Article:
Avoiding Collisions (Helices I)

One of the simplest line configurations in space just utilizes the parallels to the coordinate axes that pass through the (red) points with integer coordinates.


If we want to avoid the triple collisions at all these points, we can shift the lines one half unit each, like so:


This results in a dense packing of cylinders. Another possibility to avoid the collision is to let the lines spiral around the red points. I haven’t found a nice way to do this because the three helices would need to pass through the eight cubes surrounding a red point, meaning this is impossible in a symmetric way.


However, there is another line configuration where the lines pass through all the main diagonals. This is more complicated, because we have now four sets of parallel lines. Again we can shift the lines to avoid collisions.


Now, with four lines through each intersection, we can replace them by helices in a pretty symmetric fashion.




The meaning of the word Muscatatuck is not clear. According to Michael McCafferty’s book Native American Place Names of Indiana, it has its origins possibly in the Munsee words for swamp and river, or in the Lenape word for clear river. Both these languages were spoken by the Delaware, who migrated through this area in the early 19th century after continuous displacements by European settlers.


These days, the name honors the Muscatatuck National Wildlife Refuge near Seymour. It is indeed a swampy place, and temporary home for many migratory birds.


The pictures here are from a late afternoon visit while the weather was preparing for a storm. This didn’t leave much time for wildlife observations, but the barren landscape itself was well worth it.


Hopf Fibration (Annuli III)

Hopf 8 right

When talking about tori, at some point the Hopf fibration will make its appearance.
It all begins with a few tori of revolution packed together. Think about circular wires
bundled into one thick cable.


Cut through all the wires, twist the cable by 360 degrees, and reconnect wires of equal color.


Now all wires are interlinked, and this has the advantage that you can extend all this wiring to all of space (except for the vertical axis) in an even way to het what mathematicians call a fibre bundle.


One can increase the complexity by showing nested wires by removing parts of then. The top view below is a simplified version of the picture at the top.


Djúpalónssandur (Iceland IX)

Djúpalónssandur is a rocky beach in the southwestern corner of the Snæfellsjökull National Park.

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Besides its historical significance of an old fishing port (of which only the remains of a few huts are visible), it features bizarre lava rock formations.

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The grassy slopes of the Snæfellsjökull seem to just break off into the sea, as if the landscape builder left his work unfinished.

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If fire could solidify, it would look like this.

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The 120-Cell (Spheres XIII)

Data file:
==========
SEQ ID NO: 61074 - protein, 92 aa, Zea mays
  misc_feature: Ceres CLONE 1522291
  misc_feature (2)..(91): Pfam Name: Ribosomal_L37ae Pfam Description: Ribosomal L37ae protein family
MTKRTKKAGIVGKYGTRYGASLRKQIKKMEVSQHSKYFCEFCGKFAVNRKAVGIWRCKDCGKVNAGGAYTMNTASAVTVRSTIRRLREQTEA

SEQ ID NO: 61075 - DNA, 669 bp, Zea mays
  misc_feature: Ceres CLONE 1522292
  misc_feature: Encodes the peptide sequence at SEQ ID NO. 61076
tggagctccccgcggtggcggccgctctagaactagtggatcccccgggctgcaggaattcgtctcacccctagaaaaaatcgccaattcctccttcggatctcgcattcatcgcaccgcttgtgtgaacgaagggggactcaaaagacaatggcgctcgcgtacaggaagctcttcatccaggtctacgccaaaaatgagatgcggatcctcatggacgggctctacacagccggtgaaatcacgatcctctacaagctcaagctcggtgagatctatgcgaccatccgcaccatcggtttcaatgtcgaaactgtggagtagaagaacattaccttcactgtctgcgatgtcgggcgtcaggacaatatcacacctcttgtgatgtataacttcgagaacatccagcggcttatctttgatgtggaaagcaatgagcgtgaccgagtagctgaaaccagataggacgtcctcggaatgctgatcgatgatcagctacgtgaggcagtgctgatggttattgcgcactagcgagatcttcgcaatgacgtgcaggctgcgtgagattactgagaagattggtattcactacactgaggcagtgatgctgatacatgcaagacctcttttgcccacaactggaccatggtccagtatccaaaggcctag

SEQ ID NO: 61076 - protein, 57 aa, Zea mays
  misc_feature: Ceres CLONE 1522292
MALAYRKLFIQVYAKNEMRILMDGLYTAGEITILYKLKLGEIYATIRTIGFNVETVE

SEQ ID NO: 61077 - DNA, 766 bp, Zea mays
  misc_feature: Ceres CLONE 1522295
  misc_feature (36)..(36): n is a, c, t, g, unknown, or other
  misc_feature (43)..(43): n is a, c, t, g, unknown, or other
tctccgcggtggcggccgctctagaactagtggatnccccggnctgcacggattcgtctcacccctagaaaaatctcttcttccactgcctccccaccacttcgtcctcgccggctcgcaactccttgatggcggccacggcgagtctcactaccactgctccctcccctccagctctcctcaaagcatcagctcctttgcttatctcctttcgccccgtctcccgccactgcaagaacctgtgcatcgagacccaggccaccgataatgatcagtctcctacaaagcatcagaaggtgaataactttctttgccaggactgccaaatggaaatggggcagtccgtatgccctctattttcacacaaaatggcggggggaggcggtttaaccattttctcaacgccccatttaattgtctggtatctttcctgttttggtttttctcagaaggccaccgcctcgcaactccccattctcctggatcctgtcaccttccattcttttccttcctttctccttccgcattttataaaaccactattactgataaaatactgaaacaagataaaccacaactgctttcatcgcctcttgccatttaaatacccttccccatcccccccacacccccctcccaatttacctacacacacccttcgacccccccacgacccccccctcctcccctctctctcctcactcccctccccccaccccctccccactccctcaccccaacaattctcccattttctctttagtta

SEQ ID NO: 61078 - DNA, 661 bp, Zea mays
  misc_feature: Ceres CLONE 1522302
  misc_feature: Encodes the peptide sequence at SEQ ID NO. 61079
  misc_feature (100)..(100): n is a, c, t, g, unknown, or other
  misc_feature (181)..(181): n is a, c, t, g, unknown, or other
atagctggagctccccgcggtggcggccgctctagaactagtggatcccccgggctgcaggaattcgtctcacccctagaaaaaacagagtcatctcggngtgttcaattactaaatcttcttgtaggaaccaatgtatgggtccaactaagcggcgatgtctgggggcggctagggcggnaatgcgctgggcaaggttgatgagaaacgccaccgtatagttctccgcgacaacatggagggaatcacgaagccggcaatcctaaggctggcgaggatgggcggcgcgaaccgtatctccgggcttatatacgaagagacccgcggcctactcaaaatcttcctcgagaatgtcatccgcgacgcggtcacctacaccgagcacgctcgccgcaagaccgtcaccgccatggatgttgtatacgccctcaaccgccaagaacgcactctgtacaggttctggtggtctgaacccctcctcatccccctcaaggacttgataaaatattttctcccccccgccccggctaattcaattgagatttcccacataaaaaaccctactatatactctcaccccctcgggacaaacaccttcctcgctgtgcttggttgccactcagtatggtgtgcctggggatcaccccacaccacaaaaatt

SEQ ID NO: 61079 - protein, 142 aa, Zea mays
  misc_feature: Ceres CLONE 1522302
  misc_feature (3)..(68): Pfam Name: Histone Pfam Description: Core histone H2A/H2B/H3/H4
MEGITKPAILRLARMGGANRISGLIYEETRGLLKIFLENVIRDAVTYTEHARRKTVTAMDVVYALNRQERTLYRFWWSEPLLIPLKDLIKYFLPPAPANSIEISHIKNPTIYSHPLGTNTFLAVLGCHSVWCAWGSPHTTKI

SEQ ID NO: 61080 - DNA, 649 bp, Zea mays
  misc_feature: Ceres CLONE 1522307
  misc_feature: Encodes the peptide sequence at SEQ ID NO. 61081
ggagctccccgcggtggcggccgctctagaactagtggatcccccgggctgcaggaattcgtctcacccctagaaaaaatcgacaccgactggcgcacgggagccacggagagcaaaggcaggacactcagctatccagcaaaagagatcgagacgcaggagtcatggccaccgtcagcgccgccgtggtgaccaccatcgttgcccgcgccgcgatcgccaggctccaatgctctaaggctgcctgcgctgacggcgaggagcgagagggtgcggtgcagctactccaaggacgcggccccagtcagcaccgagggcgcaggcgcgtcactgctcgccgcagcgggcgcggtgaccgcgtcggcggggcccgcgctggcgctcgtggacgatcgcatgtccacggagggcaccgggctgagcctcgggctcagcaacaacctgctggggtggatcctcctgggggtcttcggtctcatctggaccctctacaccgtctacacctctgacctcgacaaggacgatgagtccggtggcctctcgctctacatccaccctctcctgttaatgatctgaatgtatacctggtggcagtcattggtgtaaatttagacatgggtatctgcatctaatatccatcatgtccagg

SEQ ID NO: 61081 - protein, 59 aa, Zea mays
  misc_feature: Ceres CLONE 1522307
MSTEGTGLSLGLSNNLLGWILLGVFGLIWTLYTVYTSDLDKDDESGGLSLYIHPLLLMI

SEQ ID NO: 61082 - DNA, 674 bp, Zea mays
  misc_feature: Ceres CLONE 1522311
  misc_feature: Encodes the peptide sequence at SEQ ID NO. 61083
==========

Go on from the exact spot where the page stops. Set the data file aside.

Dodeca right

Pentagons do not tile the plane. If you fit three of them around a corner, there will be a gap of 36 degrees.
But, on a sphere, the pentagons can be inflated so that their angles become 120 degrees, and then twelve of them can be used to tile the sphere, creating a spherical version of the dodecahedron.

Dodeca spherical

Likewise, dodecahedra do not tile space. When you fit three around an edge, they leave a gap of about 10.3 degrees.
But again, they can be inflated in the 3-dimensional sphere. This time you will need 120 of them to tile the entire sphere. To visualize this, we start with one dodecahedron, and attach copies at opposite faces. After 10 copies, you will obtain an annulus of dodecahedra, which looks like this, after stereographic projection:


Repeat this with all immediately neighboring dodecahedra to get five more intertwined annuli of dodecahedra. They hide the original annulus from view. All six annuli together form one half of the 120 cell, the rest just being the complement in the 3-sphere of what we already have.

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Here is an image of just the vertices and edges of the 120-cell. No elephants were harmed in making the 1200 ivory edges.


Hell (Iceland VIII)

After Plato had the brilliant idea to use a hypothetical reward system in an equally hypothetical afterlife as the ethical foundation of a functioning society, it didn’t take long until picturesque ideas about how the rewards might look like started to spread.

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Unsurprisingly, the focus was not so much on positive rewards like eternal bliss, but rather on the peculiarities of punishments.

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The Seltún Geothermal Area near Reykjavik provides at least the mandatory ambience of heat and stench.

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There are even indications of horned minions ready to pull you under. Clearly, the ground is treacherous here.

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Why is it that we take delight in all this unpleasantness?

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